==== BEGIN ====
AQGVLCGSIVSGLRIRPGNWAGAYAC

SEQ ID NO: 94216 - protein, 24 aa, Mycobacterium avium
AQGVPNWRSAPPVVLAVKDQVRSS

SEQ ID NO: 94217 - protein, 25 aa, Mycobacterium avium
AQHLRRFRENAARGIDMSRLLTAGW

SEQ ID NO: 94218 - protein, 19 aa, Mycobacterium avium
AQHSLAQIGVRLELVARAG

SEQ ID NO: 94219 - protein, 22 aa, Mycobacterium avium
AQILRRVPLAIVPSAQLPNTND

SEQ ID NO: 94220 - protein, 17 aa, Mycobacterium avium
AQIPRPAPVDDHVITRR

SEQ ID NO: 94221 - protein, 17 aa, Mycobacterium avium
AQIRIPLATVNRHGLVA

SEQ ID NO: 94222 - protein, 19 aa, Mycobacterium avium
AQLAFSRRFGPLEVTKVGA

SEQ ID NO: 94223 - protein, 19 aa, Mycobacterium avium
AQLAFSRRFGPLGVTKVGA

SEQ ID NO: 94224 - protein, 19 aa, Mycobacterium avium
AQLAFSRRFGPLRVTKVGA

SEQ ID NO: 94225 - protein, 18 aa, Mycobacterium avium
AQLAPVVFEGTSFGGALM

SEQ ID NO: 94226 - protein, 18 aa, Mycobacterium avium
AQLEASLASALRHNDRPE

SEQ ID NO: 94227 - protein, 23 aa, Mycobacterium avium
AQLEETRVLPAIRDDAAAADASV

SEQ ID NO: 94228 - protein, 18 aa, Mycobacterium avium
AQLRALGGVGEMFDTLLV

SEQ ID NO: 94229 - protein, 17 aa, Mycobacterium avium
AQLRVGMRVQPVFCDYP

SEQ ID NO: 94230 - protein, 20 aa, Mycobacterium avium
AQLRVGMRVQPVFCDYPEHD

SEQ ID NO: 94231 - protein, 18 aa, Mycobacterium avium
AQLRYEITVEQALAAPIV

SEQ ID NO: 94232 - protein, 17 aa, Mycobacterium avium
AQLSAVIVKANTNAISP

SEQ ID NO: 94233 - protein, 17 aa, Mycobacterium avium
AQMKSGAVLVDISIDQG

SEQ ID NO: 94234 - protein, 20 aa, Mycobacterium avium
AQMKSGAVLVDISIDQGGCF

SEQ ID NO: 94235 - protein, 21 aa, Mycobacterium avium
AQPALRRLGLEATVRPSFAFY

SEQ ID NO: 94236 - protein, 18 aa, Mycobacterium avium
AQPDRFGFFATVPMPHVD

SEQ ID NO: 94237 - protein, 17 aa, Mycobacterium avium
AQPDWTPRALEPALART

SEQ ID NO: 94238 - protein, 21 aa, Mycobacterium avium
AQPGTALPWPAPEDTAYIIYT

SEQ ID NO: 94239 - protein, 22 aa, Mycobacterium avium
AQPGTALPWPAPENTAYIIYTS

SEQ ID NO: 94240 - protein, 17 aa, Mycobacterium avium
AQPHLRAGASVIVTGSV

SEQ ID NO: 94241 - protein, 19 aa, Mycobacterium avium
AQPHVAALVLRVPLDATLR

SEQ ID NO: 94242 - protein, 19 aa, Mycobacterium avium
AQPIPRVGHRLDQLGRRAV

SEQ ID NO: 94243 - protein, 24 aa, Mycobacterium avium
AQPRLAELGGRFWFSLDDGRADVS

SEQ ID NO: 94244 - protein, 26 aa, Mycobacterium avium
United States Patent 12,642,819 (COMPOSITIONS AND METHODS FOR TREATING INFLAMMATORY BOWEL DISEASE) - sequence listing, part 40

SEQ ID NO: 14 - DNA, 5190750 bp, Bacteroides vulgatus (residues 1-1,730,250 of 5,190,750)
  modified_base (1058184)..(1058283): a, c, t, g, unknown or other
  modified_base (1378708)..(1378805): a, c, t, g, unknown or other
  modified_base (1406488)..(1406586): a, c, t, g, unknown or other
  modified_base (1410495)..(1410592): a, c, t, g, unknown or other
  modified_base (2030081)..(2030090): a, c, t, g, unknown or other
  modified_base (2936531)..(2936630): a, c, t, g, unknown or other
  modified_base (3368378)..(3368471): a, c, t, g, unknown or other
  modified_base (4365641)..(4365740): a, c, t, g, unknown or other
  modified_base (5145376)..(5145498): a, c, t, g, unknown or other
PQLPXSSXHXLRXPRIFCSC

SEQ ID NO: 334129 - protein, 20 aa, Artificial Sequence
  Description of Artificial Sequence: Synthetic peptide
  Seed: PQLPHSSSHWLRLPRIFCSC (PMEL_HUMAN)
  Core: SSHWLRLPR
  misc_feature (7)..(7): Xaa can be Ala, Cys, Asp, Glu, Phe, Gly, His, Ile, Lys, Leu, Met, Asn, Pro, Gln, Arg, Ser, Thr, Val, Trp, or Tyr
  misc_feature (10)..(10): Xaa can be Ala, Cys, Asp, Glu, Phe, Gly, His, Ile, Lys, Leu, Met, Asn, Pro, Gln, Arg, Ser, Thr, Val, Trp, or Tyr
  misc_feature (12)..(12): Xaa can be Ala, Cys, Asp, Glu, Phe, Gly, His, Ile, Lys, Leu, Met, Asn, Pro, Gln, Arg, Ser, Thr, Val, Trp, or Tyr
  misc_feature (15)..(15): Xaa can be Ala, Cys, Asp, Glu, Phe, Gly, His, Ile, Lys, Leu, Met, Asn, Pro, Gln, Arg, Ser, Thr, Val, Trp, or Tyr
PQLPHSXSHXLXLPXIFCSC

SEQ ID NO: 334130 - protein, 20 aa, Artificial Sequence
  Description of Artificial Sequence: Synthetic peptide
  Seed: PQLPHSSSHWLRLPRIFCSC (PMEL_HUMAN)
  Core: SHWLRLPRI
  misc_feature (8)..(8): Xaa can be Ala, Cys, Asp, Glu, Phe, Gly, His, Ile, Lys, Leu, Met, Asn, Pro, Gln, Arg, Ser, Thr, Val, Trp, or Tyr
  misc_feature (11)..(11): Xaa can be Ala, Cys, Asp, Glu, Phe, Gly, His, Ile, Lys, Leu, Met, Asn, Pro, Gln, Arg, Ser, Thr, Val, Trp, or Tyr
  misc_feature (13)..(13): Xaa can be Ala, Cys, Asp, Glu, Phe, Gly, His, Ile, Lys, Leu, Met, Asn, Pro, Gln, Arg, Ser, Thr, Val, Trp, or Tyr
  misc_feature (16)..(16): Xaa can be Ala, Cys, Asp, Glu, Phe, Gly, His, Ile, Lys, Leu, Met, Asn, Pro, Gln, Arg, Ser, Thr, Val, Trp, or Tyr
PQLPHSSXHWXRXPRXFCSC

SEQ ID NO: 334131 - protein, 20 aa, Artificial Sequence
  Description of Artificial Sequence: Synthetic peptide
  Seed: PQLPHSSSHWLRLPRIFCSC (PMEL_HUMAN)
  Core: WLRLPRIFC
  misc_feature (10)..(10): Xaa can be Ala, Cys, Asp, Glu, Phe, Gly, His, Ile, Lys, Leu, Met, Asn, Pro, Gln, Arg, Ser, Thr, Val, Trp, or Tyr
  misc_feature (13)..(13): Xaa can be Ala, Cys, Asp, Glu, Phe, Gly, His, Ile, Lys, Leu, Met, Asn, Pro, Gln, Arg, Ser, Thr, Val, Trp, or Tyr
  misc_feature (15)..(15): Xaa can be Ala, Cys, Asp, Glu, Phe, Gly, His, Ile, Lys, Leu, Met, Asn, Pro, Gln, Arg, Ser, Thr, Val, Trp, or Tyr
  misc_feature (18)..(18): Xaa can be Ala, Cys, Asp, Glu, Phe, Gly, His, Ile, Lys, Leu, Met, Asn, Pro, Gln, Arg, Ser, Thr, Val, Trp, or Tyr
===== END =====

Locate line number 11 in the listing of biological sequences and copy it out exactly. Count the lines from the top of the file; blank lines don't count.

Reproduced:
AQIPRPAPVDDHVITRR